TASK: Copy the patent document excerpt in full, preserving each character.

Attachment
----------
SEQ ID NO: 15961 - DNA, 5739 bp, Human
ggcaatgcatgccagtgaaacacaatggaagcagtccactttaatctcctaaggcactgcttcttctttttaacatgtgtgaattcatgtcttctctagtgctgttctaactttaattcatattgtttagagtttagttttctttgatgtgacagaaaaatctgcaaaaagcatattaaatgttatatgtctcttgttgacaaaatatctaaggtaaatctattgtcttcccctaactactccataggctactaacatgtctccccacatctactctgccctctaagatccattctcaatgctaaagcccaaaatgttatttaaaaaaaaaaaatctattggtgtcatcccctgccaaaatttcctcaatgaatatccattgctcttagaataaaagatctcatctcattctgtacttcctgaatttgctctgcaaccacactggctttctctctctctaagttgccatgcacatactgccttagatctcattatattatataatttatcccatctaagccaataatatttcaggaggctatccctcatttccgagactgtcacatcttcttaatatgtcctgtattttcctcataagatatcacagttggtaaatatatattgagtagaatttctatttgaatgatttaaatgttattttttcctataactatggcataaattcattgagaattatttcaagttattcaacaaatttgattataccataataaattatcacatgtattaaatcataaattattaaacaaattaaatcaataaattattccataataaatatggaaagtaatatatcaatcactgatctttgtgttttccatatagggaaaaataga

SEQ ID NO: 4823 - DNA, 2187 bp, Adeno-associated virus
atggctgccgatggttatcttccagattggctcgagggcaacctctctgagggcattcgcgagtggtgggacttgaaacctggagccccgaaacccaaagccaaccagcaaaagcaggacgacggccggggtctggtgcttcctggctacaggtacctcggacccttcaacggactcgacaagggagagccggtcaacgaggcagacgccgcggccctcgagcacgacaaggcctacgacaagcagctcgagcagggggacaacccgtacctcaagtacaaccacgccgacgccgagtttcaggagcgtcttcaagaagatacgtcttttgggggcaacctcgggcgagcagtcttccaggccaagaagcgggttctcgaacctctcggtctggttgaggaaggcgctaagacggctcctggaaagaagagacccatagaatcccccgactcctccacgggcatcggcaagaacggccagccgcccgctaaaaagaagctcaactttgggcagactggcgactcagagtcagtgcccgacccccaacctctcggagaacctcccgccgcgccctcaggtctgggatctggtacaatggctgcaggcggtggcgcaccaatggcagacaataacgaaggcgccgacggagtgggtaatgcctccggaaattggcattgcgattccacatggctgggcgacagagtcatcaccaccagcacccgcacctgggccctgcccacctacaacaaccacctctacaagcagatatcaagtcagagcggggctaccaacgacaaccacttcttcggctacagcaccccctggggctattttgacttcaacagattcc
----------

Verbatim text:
SEQ ID NO: 15961 - DNA, 5739 bp, Human
ggcaatgcatgccagtgaaacacaatggaagcagtccactttaatctcctaaggcactgcttcttctttttaacatgtgtgaattcatgtcttctctagtgctgttctaactttaattcatattgtttagagtttagttttctttgatgtgacagaaaaatctgcaaaaagcatattaaatgttatatgtctcttgttgacaaaatatctaaggtaaatctattgtcttcccctaactactccataggctactaacatgtctccccacatctactctgccctctaagatccattctcaatgctaaagcccaaaatgttatttaaaaaaaaaaaatctattggtgtcatcccctgccaaaatttcctcaatgaatatccattgctcttagaataaaagatctcatctcattctgtacttcctgaatttgctctgcaaccacactggctttctctctctctaagttgccatgcacatactgccttagatctcattatattatataatttatcccatctaagccaataatatttcaggaggctatccctcatttccgagactgtcacatcttcttaatatgtcctgtattttcctcataagatatcacagttggtaaatatatattgagtagaatttctatttgaatgatttaaatgttattttttcctataactatggcataaattcattgagaattatttcaagttattcaacaaatttgattataccataataaattatcacatgtattaaatcataaattattaaacaaattaaatcaataaattattccataataaatatggaaagtaatatatcaatcactgatctttgtgttttccatatagggaaaaataga

SEQ ID NO: 4823 - DNA, 2187 bp, Adeno-associated virus
atggctgccgatggttatcttccagattggctcgagggcaacctctctgagggcattcgcgagtggtgggacttgaaacctggagccccgaaacccaaagccaaccagcaaaagcaggacgacggccggggtctggtgcttcctggctacaggtacctcggacccttcaacggactcgacaagggagagccggtcaacgaggcagacgccgcggccctcgagcacgacaaggcctacgacaagcagctcgagcagggggacaacccgtacctcaagtacaaccacgccgacgccgagtttcaggagcgtcttcaagaagatacgtcttttgggggcaacctcgggcgagcagtcttccaggccaagaagcgggttctcgaacctctcggtctggttgaggaaggcgctaagacggctcctggaaagaagagacccatagaatcccccgactcctccacgggcatcggcaagaacggccagccgcccgctaaaaagaagctcaactttgggcagactggcgactcagagtcagtgcccgacccccaacctctcggagaacctcccgccgcgccctcaggtctgggatctggtacaatggctgcaggcggtggcgcaccaatggcagacaataacgaaggcgccgacggagtgggtaatgcctccggaaattggcattgcgattccacatggctgggcgacagagtcatcaccaccagcacccgcacctgggccctgcccacctacaacaaccacctctacaagcagatatcaagtcagagcggggctaccaacgacaaccacttcttcggctacagcaccccctggggctattttgacttcaacagattcc